The fastest, easiest and most inexpensive change you can make is to have an e-mail account that links to your business’s domain. For example, joesmith@WidgetCorp.com. This is a simple matter of linking any e-mail account you may use, such as gmail, through your company’s domain. The back end secret is yours; recipients will never see signs of gmail. They only see a business that’s all business.

Another suggestion is to avoid using a clever descriptive name or nickname as part of your e-mail address, like SwankyLover@WidgetCorp.com. You might think it is clever and that it makes you stand out—and it does, but not in the way you want for a professional business. Customers will not find it easy to take SwankyLover seriously, nor will they risk taking a chance on a “persona” rather than a straightforward actual person. Use your name. It shows you are professional and mean business. It lets people know who they’re talking to.

Make sure the body of those e-mails look good, too, by regularly employing templates. There’s nothing worse than a customer receiving hastily written e-mails littered with typos. The easy way to avoid that is the use of templates—pre-written text for the types of communications you have to send out repeatedly. You can actually purchase template programs for this scenario. Another way is to create your own set of templates and store them on Google drive so that all of your employees have access to them. This also creates a consistent level of quality across the company and helps employees who may not have the writing skill set you wish they did.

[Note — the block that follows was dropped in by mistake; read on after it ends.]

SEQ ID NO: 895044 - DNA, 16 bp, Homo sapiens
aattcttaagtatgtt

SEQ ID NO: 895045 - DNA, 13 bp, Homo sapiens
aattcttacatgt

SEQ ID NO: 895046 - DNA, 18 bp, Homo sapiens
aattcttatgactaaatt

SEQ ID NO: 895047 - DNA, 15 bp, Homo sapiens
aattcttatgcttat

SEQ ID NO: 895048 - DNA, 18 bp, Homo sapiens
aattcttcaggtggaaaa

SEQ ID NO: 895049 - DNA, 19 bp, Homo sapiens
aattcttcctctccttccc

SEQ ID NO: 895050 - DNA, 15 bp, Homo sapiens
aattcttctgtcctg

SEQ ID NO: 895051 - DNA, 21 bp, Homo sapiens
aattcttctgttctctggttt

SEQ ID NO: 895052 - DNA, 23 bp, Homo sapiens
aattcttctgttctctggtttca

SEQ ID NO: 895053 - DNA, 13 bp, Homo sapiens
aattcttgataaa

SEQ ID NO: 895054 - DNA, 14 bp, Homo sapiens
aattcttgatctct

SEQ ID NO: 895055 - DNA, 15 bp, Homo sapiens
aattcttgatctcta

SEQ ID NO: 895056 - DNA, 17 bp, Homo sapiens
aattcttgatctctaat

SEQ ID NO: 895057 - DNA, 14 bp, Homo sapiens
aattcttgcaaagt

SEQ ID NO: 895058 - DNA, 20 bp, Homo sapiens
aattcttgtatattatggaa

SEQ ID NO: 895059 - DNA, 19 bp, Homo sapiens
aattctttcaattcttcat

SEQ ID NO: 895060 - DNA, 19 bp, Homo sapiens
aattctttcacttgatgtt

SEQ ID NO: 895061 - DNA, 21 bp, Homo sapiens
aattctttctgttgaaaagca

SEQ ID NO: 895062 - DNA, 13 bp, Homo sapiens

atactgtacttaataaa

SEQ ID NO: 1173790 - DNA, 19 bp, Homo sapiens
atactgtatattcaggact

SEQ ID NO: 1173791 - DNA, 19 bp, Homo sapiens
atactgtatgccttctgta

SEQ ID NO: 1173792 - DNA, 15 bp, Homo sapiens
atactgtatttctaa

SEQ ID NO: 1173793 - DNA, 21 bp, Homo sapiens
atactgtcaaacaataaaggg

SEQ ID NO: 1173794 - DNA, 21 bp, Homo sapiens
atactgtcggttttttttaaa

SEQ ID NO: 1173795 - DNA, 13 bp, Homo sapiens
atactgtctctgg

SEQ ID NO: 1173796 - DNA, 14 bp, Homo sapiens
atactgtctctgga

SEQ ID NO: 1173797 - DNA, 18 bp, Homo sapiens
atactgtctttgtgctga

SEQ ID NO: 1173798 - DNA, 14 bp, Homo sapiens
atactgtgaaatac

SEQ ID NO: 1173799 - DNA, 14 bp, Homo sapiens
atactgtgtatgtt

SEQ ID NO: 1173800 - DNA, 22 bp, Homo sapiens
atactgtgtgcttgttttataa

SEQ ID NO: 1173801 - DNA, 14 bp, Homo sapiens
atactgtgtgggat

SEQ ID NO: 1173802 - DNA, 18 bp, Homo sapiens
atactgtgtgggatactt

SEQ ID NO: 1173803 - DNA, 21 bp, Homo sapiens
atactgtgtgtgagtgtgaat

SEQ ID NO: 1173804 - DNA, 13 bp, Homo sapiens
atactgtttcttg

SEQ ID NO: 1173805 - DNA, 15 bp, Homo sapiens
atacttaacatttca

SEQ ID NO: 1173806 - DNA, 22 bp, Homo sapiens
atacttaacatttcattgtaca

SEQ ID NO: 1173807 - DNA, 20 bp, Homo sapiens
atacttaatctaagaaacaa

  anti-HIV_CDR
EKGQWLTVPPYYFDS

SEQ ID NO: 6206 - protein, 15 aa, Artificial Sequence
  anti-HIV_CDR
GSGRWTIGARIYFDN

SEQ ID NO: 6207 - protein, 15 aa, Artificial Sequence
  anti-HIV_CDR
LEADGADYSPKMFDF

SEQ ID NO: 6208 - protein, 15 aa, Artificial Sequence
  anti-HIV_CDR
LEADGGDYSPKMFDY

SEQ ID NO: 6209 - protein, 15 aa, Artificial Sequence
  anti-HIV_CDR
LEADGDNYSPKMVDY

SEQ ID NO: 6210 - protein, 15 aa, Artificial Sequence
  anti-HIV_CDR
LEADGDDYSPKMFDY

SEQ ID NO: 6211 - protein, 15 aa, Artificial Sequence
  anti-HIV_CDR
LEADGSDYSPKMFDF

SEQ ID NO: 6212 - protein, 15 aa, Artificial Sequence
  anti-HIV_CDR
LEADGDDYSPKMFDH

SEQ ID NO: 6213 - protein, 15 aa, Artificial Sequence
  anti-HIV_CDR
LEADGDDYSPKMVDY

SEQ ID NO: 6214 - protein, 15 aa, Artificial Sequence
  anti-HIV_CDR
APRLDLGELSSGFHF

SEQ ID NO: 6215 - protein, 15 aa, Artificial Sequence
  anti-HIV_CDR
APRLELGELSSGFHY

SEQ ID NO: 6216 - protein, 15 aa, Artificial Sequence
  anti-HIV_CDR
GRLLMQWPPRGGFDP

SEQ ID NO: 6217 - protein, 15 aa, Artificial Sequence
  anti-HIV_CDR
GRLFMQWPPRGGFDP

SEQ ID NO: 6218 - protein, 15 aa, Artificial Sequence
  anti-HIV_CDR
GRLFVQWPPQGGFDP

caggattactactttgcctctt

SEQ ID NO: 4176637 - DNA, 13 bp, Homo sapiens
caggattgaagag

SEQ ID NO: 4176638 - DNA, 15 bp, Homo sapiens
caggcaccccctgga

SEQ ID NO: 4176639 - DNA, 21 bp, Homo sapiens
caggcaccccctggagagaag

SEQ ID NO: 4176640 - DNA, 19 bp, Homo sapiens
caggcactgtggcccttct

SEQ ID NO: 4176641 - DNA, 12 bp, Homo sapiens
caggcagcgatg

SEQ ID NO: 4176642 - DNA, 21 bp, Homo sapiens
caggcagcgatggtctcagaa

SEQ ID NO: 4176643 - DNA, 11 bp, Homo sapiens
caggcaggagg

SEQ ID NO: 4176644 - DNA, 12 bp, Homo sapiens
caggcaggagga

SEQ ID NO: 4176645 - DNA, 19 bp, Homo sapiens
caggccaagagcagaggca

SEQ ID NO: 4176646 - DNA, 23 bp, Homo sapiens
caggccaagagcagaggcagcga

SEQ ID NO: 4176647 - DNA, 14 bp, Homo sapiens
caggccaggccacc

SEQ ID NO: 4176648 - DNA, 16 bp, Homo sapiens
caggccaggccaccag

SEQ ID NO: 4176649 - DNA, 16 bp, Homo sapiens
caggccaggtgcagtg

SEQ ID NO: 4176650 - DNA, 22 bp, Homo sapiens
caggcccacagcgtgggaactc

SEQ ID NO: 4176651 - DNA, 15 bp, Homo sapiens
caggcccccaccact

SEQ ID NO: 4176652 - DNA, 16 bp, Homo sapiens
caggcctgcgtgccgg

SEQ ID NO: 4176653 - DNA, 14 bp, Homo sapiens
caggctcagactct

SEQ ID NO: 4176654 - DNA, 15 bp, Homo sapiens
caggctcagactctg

A closing tip: if you and your employees have signature lines (bio type descriptions) at the end of your e-mails, keep it to one or two sentences, not a novella. If you want people to know more, just include a link so they can make the choice themselves to click through. Putting people off by annoying them with excessive self-promotion is something easily avoided—so why not take the terse road.

We’re delighted to help you take the sad out of e-mail addresses and show your business in the best possible light. For other tips and tricks to gain the advantage using technology, contact TechnoAdvantage today.

Four Rules of Email Etiquette Can Save Your Reputation

25 Nov 15
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You may not think of email as having such power, but just as a great email can bring in the business—so these email mistakes can drive customers away and ruin your reputation. And pretty quickly too, if they’re repeated on a consistent basis.  What business technology can do for you can be rapidly undone if you or your employees ignore these four simple rules of email etiquette:

  1. Always use proper spelling and grammar